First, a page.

BERLIN—A German court ruled Friday that the heirs of a Jewish family that once owned the country's best known department store must be compensated for property they lost when the Nazi government was in power seven decades ago.
In making the ruling, the court dismissed a claim to the property by KarstadtQuelle, one of Europe's largest retailing chains, which in 1994 purchased companies once owned by the Wertheim family.
The ruling affects only one piece of land worth a relatively modest sum of $22 million. But it eventually could mean hundreds of millions of dollars in payments to the heirs, both from the German government and from KarstadtQuelle. Other disputed properties include a Ritz-Carlton Hotel complex and an office building used by members of Germany's parliament.
"This is a very important step towards justice, an important moment," said Matthias Druba, a Berlin attorney who represented the claimants in the case. "Worst case scenario now, we're six months to a year from a final decision (on all the properties). But I think this ruling makes it clear we will be victorious, and I hope it won't take so long."
"Sometimes I've felt like they've stolen my history," said Barbara Principe, 72, of Newfield, N.J., whose grandfather and great-uncles owned Wertheim, once Berlin's most prominent department store. "Now I feel like I got a little bit of it back."
There are 45,000 Nazi reparations cases still pending in Germany, but the Wertheim case is considered the most complicated and symbolically important, both because of the value of the properties involved and the prominence of the Wertheims in Berlin life when Adolf Hitler came to power.
The land involved in Friday's ruling sits near Potsdamer Platz, a huge commercial and entertainment center that sprouted in an area that used to be no-man's land between East and West Berlin before the Berlin Wall fell in 1989.
The German government owns the land, but it's claimed by Wertheim heirs and by KarstadtQuelle.
KarstadtQuelle also operates a store bearing the Wertheim name on Kurfuerstendamm Street, Berlin's main commercial boulevard.
The New York-based Conference on Jewish Material Claims Against Germany filed the claim for restitution on behalf of the Wertheim heirs, including Principe, who fled Germany when she was 6. She grew up on a New Jersey chicken farm and later worked on an assembly line.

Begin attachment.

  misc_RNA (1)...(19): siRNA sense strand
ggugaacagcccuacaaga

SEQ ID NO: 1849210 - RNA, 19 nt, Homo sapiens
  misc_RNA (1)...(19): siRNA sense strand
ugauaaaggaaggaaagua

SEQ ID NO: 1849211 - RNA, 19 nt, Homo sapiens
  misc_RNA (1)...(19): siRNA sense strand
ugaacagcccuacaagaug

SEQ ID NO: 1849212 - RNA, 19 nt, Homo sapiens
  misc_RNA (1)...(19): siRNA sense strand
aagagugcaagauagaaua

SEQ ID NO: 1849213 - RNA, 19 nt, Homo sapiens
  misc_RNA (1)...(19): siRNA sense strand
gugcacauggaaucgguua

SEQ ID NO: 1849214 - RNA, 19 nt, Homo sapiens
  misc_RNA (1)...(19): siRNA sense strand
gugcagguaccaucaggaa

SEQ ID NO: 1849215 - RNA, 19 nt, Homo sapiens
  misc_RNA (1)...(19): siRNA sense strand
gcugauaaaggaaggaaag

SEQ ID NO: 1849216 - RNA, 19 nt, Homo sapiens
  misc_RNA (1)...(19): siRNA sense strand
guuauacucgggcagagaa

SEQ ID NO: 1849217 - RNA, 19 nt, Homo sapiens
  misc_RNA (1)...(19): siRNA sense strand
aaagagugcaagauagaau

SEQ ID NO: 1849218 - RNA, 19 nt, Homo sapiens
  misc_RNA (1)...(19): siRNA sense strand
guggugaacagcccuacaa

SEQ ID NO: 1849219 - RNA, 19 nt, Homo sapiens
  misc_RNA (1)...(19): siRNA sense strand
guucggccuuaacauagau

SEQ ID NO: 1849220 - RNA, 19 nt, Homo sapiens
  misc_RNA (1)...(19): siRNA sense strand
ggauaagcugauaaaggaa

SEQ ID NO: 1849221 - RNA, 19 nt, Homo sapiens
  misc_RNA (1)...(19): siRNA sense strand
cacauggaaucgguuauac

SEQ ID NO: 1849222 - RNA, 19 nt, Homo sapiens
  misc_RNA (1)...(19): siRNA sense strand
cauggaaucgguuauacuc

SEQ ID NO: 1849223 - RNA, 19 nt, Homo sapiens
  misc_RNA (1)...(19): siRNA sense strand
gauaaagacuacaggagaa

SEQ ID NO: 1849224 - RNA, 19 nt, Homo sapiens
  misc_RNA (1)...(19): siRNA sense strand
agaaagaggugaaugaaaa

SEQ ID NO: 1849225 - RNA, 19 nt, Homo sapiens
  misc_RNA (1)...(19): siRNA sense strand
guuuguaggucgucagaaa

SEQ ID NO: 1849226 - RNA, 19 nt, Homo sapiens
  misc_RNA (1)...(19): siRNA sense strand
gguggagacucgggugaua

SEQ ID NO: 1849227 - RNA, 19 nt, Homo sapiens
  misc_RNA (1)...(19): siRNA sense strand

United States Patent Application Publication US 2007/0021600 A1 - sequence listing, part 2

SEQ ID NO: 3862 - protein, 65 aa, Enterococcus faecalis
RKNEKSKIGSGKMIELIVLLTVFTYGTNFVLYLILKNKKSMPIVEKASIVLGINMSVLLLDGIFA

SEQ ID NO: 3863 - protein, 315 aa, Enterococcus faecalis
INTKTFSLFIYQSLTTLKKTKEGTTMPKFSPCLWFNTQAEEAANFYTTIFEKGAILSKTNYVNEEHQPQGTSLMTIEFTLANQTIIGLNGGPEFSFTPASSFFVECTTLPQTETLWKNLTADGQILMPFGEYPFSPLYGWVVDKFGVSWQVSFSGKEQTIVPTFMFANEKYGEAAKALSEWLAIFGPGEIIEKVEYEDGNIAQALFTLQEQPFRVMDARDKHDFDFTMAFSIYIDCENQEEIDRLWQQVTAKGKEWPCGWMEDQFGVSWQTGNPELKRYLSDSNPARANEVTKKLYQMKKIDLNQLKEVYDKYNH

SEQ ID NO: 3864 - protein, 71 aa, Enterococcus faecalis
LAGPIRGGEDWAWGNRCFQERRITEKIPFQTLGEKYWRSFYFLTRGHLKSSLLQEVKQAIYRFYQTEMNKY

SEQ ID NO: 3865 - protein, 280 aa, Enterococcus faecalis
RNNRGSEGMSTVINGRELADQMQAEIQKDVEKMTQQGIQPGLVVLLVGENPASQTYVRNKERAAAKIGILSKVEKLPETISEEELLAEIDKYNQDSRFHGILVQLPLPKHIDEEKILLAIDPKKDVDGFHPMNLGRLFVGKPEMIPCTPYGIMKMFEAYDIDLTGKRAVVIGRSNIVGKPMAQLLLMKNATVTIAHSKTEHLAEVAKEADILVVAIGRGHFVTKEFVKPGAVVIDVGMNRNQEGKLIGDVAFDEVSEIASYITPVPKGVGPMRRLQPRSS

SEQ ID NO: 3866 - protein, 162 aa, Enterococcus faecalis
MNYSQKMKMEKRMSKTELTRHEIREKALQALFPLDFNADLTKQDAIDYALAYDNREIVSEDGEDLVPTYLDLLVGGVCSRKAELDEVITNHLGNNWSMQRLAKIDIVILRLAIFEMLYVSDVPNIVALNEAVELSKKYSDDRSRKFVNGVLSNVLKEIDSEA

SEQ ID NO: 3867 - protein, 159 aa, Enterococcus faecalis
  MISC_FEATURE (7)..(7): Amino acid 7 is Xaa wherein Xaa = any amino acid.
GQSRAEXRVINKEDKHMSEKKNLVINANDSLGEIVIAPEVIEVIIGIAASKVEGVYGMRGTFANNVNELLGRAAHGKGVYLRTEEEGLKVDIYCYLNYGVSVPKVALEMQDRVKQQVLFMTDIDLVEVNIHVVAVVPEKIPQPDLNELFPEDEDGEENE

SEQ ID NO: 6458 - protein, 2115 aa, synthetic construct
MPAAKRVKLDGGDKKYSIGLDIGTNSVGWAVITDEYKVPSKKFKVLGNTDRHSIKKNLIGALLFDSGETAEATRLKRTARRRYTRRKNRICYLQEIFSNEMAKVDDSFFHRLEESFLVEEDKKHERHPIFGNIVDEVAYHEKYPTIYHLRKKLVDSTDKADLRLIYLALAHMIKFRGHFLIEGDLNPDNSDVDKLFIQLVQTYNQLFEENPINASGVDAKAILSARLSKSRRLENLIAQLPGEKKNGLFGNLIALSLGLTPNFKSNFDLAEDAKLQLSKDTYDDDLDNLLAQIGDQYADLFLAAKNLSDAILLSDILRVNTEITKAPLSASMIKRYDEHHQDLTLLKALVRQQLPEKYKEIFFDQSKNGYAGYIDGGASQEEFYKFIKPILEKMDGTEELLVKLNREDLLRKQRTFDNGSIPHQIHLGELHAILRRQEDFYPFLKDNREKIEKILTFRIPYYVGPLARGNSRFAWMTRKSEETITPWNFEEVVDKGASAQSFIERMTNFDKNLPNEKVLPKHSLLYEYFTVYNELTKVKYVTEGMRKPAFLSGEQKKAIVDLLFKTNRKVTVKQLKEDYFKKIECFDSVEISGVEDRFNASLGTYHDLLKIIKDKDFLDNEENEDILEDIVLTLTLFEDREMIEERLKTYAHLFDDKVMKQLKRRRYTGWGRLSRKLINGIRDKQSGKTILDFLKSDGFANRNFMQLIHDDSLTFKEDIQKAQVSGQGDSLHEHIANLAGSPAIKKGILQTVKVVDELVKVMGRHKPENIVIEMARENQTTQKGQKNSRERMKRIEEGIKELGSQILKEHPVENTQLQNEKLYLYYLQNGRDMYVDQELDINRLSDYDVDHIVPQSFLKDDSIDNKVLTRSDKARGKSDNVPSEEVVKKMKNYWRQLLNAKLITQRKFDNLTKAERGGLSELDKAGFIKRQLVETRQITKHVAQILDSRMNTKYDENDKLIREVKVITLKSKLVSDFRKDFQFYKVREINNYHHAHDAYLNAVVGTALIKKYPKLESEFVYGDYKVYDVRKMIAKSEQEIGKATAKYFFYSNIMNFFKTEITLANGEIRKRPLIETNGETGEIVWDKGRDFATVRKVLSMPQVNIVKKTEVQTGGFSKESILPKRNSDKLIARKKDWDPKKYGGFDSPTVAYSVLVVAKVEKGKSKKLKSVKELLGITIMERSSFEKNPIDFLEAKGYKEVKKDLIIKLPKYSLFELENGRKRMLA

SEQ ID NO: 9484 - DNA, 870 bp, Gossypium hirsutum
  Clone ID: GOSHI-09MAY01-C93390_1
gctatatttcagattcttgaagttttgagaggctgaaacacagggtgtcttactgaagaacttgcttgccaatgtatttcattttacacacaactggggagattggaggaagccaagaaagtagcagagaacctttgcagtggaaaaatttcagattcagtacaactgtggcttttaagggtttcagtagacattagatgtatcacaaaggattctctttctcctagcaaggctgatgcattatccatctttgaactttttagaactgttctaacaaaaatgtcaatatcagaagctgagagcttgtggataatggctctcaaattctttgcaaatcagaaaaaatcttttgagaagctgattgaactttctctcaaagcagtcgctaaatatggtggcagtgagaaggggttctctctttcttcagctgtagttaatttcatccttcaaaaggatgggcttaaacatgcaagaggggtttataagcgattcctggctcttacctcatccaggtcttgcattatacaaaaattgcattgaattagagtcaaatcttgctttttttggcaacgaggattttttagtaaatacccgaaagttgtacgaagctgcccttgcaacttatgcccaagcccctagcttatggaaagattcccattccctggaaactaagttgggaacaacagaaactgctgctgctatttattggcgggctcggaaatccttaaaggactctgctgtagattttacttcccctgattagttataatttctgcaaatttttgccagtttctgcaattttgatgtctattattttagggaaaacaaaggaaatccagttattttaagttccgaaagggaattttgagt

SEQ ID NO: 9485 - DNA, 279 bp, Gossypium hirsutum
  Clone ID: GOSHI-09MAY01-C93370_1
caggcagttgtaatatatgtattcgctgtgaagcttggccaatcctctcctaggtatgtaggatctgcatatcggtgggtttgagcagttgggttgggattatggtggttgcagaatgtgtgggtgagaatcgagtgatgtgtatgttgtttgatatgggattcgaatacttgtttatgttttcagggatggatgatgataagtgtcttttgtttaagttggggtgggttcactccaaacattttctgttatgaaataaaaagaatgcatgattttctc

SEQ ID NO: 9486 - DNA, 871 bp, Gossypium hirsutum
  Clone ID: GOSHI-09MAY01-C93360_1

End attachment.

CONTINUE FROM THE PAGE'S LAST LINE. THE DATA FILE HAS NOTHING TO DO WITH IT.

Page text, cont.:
Principe's grandfather, Franz Wertheim, was one of three brothers who signed over all their properties to a family legal adviser in the late 1930s. Some family members then died in concentration camps; others fled.
Principe's father and uncle filed a claim for the family land after the war, but then sold their rights to the legal adviser for $24,500 after he convinced them the land was virtually worthless since most of it was in Soviet-controlled East Berlin.
The adviser then sold the Wertheim properties to another company, which continued to operate Wertheim stores in West Germany and held onto other properties in East Germany. The East German government eventually leveled what had been the main Wertheim's store to create a no-man's land along the Berlin Wall.
The current case was complicated when KarstadtQuelle purchased the remnants of the Wertheim chain in 1994 and later sold some of the property, including land that became a $1.5 billion real estate development with a Ritz-Carlton Hotel.
KarstadtQuelle officials maintained that they bought the Wertheim property legally and shouldn't have to share profits with Wertheim heirs. They've also laid claim to some of the disputed Wertheim properties, saying they were part of the 1994 deal, including the piece affected by Friday's ruling.
KarstadtQuelle officials didn't return phone calls for comment Friday afternoon, but reports in the German media indicate they're expected to appeal the decision.
Druba said the court agreed with the family's claim that they were defrauded of their land. He said no money is expected to reach Wertheim heirs, however, until KarstadtQuelle relinquishes its claim
"I would hope that Karstadt's would see the sense in making compensation available while the last family member who actually fled the Nazis still survives," he said.
(c) 2005, Knight Ridder/Tribune Information Services.
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